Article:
One night Lance returns home to find Kyle dead. The death was accidental; he had strangled himself while engaging in autoerotic asphyxiation, but despite the harsh relationship he had with his son, he simply can’t bear the truth coming out about the manner in which Kyle, already pretty much despised by everyone, died – whipping his weasel as it were. As a loving dad, he rearranges the death scene, writes a suicide note and puts out the fiction the Kyle hung himself.
The fall-out from this is unexpected. Suddenly the student body and faculty become sympathetic, guilty at the shabby treatment Kyle had been afforded in life. When Lance writes a fake journal purportedly authored by Kyle, it becomes a sensation and Lance suddenly has the literary success that had always eluded him, even if he wasn’t getting credit for it. Now there are appearances on talk shows and talk of movie deals. Even Claire has come back to him with a vengeance.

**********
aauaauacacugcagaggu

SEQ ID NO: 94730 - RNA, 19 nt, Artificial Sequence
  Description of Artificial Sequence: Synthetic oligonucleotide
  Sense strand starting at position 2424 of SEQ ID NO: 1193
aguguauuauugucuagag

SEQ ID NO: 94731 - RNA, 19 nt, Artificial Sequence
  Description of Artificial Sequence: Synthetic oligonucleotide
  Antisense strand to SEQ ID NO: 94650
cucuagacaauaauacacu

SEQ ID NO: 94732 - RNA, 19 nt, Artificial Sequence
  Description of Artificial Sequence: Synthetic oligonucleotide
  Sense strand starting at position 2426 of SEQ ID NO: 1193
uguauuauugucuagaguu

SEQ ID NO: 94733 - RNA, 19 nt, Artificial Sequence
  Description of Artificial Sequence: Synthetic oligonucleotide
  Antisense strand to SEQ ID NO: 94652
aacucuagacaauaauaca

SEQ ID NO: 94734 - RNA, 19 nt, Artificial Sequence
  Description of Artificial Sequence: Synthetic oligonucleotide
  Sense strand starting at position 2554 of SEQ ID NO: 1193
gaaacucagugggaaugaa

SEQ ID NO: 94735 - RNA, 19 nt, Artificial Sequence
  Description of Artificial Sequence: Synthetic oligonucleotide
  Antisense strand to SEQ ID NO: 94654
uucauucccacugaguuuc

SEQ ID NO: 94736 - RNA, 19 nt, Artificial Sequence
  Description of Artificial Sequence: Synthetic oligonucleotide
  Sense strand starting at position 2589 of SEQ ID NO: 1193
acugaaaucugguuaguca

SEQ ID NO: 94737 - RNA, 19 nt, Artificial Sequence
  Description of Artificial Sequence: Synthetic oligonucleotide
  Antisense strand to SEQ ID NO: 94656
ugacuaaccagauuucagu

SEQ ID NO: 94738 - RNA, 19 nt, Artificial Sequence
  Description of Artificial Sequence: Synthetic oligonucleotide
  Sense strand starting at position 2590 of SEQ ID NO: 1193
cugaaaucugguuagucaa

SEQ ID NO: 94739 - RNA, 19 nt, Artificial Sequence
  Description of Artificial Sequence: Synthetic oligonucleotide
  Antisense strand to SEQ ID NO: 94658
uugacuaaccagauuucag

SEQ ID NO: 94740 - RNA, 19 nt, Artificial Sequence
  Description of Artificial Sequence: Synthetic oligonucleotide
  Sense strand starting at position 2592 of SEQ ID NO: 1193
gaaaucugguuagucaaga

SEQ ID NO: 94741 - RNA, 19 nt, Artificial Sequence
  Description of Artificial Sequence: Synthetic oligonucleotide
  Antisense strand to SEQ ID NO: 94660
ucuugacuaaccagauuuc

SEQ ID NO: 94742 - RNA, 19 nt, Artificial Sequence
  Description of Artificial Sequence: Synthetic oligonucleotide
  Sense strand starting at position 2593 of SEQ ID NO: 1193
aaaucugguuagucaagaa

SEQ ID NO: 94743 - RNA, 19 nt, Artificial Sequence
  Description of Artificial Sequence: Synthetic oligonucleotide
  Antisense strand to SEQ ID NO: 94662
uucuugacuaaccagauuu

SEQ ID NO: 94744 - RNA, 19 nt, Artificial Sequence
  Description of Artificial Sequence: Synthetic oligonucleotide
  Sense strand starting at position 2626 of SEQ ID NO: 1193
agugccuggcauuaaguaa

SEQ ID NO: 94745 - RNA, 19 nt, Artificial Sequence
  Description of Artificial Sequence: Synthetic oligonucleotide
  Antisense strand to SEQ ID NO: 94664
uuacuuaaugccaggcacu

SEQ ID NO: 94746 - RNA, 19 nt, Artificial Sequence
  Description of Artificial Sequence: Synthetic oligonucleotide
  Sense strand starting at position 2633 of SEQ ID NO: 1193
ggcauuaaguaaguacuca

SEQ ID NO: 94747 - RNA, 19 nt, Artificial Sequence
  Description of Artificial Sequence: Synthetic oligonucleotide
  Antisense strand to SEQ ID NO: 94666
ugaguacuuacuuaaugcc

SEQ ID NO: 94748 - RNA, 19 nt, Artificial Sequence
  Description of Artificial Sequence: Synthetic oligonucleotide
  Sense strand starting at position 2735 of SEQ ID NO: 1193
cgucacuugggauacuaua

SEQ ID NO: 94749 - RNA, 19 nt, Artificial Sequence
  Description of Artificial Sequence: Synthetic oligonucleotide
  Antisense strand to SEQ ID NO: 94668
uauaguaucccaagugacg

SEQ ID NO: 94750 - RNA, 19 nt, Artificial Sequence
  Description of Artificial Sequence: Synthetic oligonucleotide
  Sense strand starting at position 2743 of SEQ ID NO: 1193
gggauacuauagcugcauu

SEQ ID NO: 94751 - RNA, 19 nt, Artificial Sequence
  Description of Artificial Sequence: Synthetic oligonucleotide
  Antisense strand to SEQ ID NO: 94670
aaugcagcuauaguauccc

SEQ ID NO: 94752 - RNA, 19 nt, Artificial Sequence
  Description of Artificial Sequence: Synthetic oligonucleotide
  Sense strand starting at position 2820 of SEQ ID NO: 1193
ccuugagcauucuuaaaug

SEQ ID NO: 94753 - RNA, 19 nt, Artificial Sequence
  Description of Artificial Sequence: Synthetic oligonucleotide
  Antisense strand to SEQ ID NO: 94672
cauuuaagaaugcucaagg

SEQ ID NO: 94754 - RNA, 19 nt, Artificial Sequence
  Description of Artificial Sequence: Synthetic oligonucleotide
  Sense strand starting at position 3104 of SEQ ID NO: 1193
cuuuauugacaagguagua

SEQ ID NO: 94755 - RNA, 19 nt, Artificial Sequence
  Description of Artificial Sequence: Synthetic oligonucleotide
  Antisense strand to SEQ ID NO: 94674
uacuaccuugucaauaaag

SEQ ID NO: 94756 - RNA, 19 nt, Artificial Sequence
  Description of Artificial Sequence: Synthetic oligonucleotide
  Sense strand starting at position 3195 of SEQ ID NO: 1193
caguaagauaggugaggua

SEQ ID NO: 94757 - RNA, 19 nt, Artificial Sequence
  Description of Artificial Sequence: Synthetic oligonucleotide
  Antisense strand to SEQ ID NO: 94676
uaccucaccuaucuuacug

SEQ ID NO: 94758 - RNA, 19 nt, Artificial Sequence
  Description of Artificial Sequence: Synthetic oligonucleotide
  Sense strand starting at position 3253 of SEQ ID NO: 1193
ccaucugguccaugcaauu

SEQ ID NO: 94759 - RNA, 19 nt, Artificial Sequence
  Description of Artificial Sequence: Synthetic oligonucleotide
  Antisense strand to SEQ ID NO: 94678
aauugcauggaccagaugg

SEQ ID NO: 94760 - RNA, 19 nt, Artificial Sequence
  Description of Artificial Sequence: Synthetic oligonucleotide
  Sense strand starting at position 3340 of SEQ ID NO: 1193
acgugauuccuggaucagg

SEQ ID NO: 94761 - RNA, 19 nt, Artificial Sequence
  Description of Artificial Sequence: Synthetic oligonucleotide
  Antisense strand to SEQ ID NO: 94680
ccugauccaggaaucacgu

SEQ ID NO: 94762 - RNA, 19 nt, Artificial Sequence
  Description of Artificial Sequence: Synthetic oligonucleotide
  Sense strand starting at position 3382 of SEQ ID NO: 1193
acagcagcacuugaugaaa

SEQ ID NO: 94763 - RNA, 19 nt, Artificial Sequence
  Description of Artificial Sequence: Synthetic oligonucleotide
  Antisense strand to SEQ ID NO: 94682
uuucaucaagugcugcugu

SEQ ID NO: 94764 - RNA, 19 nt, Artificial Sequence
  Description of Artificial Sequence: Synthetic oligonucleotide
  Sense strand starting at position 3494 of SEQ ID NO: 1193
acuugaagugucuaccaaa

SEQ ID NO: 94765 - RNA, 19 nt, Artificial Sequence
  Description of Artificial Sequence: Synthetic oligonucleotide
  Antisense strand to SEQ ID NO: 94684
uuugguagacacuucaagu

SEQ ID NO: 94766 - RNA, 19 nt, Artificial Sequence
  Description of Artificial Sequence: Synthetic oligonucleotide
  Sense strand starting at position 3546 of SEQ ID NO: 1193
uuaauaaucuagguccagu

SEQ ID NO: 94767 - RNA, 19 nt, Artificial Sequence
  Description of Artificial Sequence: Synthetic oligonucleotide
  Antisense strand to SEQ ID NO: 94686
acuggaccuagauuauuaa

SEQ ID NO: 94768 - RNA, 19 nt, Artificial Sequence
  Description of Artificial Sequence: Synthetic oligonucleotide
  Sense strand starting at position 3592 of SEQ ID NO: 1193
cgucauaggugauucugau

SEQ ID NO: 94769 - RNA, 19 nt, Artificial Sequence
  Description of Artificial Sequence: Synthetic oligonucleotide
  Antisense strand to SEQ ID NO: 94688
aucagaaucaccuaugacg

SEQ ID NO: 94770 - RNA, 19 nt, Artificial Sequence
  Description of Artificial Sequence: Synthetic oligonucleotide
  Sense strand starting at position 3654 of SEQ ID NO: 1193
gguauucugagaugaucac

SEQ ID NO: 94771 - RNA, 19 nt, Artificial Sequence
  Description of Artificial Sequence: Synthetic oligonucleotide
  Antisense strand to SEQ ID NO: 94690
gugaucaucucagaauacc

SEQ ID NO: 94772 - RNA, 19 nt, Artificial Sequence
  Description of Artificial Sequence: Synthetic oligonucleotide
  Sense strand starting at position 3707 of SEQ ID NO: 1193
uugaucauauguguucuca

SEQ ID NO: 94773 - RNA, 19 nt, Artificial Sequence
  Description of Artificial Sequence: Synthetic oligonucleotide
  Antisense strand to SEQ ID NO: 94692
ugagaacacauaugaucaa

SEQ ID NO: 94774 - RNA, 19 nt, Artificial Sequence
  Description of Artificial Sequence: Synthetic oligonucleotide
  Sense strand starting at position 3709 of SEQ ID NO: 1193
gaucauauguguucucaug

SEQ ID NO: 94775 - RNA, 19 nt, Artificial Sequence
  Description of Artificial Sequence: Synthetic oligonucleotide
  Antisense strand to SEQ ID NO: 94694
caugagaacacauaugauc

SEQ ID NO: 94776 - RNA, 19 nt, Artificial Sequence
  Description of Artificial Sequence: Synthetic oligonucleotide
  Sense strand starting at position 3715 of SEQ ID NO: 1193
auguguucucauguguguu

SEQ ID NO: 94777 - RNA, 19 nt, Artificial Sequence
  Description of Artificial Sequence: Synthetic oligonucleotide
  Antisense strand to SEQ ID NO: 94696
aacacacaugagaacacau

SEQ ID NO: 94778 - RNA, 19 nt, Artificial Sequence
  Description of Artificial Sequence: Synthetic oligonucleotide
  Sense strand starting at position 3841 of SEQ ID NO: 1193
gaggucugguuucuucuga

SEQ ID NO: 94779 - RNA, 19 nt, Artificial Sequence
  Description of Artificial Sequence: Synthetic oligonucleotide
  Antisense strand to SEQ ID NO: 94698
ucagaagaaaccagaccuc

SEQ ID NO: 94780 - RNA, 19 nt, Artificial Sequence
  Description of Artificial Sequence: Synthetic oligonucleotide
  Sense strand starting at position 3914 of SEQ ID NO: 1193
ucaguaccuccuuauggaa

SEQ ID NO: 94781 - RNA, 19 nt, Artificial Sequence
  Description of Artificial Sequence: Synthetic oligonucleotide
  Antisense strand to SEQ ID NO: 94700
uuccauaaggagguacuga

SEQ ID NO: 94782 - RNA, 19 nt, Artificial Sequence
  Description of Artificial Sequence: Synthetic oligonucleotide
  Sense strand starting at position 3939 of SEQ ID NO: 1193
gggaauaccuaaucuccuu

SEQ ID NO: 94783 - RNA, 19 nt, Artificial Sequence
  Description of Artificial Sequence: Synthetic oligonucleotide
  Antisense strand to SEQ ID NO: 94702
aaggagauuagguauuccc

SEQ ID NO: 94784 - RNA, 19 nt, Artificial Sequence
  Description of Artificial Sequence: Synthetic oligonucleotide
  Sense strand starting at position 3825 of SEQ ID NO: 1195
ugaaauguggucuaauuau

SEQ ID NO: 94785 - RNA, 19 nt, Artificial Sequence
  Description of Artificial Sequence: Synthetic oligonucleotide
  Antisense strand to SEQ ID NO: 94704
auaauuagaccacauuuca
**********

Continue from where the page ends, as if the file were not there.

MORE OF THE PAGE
But it’s all based on a lie, and that digs at him. The strange thing is that the effects of the lie have made things better; people are opening up, communicating and coming out. But can Lance’s conscience live with the deception?
Goldthwait has given us what can charitably be called offbeat comedies (in the form of the alcoholic circus performer Shakes the Clown and the bestiality comedy Sleeping Dogs Lie) and more accurately called button-pushers. As a filmmaker (and before that, as one of the best stand-up comics of the ‘80s) he has pushed the boundaries and forced his audiences to look at unpleasant things in order to deal with issues like trust and fear.